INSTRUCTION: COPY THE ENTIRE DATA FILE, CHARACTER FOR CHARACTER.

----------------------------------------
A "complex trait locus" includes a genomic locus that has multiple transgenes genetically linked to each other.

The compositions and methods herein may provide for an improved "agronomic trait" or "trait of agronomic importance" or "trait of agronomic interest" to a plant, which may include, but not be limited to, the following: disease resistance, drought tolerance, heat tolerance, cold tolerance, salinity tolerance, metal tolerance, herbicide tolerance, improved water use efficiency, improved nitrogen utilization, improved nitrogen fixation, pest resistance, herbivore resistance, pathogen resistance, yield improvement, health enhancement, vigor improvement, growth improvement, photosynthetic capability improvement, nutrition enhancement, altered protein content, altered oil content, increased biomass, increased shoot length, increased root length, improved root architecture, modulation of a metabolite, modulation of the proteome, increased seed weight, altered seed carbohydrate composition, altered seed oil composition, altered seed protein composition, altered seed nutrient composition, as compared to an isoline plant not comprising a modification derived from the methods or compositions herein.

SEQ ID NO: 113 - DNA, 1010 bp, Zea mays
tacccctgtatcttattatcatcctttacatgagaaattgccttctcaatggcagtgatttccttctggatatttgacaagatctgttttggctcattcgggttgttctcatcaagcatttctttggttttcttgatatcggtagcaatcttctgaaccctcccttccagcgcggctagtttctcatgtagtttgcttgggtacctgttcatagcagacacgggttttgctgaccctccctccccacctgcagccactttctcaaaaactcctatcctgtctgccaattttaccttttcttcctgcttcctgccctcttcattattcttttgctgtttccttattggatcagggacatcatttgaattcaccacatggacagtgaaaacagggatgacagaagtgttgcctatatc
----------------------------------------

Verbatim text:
A "complex trait locus" includes a genomic locus that has multiple transgenes genetically linked to each other.

The compositions and methods herein may provide for an improved "agronomic trait" or "trait of agronomic importance" or "trait of agronomic interest" to a plant, which may include, but not be limited to, the following: disease resistance, drought tolerance, heat tolerance, cold tolerance, salinity tolerance, metal tolerance, herbicide tolerance, improved water use efficiency, improved nitrogen utilization, improved nitrogen fixation, pest resistance, herbivore resistance, pathogen resistance, yield improvement, health enhancement, vigor improvement, growth improvement, photosynthetic capability improvement, nutrition enhancement, altered protein content, altered oil content, increased biomass, increased shoot length, increased root length, improved root architecture, modulation of a metabolite, modulation of the proteome, increased seed weight, altered seed carbohydrate composition, altered seed oil composition, altered seed protein composition, altered seed nutrient composition, as compared to an isoline plant not comprising a modification derived from the methods or compositions herein.

SEQ ID NO: 113 - DNA, 1010 bp, Zea mays
tacccctgtatcttattatcatcctttacatgagaaattgccttctcaatggcagtgatttccttctggatatttgacaagatctgttttggctcattcgggttgttctcatcaagcatttctttggttttcttgatatcggtagcaatcttctgaaccctcccttccagcgcggctagtttctcatgtagtttgcttgggtacctgttcatagcagacacgggttttgctgaccctccctccccacctgcagccactttctcaaaaactcctatcctgtctgccaattttaccttttcttcctgcttcctgccctcttcattattcttttgctgtttccttattggatcagggacatcatttgaattcaccacatggacagtgaaaacagggatgacagaagtgttgcctatatc